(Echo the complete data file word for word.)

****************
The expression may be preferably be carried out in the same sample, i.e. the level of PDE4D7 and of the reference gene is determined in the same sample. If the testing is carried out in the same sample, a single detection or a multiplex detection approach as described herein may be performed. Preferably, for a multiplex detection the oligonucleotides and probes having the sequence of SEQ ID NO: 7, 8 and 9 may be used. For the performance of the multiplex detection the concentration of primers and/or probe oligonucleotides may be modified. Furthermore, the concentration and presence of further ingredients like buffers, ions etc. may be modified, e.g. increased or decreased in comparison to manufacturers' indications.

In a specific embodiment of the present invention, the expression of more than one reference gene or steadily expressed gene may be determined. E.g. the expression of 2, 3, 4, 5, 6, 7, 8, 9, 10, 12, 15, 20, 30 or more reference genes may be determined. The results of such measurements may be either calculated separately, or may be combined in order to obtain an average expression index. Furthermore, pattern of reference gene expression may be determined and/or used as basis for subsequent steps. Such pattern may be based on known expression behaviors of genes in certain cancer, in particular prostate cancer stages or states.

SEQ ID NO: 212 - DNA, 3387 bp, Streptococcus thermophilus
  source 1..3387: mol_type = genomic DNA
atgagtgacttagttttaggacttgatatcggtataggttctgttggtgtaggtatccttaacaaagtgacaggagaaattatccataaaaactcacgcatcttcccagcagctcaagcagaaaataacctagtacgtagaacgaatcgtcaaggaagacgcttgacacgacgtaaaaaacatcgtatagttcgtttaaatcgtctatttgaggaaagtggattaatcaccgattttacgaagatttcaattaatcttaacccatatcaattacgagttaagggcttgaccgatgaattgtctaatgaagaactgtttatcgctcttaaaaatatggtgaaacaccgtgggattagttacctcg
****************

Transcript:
The expression may be preferably be carried out in the same sample, i.e. the level of PDE4D7 and of the reference gene is determined in the same sample. If the testing is carried out in the same sample, a single detection or a multiplex detection approach as described herein may be performed. Preferably, for a multiplex detection the oligonucleotides and probes having the sequence of SEQ ID NO: 7, 8 and 9 may be used. For the performance of the multiplex detection the concentration of primers and/or probe oligonucleotides may be modified. Furthermore, the concentration and presence of further ingredients like buffers, ions etc. may be modified, e.g. increased or decreased in comparison to manufacturers' indications.

In a specific embodiment of the present invention, the expression of more than one reference gene or steadily expressed gene may be determined. E.g. the expression of 2, 3, 4, 5, 6, 7, 8, 9, 10, 12, 15, 20, 30 or more reference genes may be determined. The results of such measurements may be either calculated separately, or may be combined in order to obtain an average expression index. Furthermore, pattern of reference gene expression may be determined and/or used as basis for subsequent steps. Such pattern may be based on known expression behaviors of genes in certain cancer, in particular prostate cancer stages or states.

SEQ ID NO: 212 - DNA, 3387 bp, Streptococcus thermophilus
  source 1..3387: mol_type = genomic DNA
atgagtgacttagttttaggacttgatatcggtataggttctgttggtgtaggtatccttaacaaagtgacaggagaaattatccataaaaactcacgcatcttcccagcagctcaagcagaaaataacctagtacgtagaacgaatcgtcaaggaagacgcttgacacgacgtaaaaaacatcgtatagttcgtttaaatcgtctatttgaggaaagtggattaatcaccgattttacgaagatttcaattaatcttaacccatatcaattacgagttaagggcttgaccgatgaattgtctaatgaagaactgtttatcgctcttaaaaatatggtgaaacaccgtgggattagttacctcg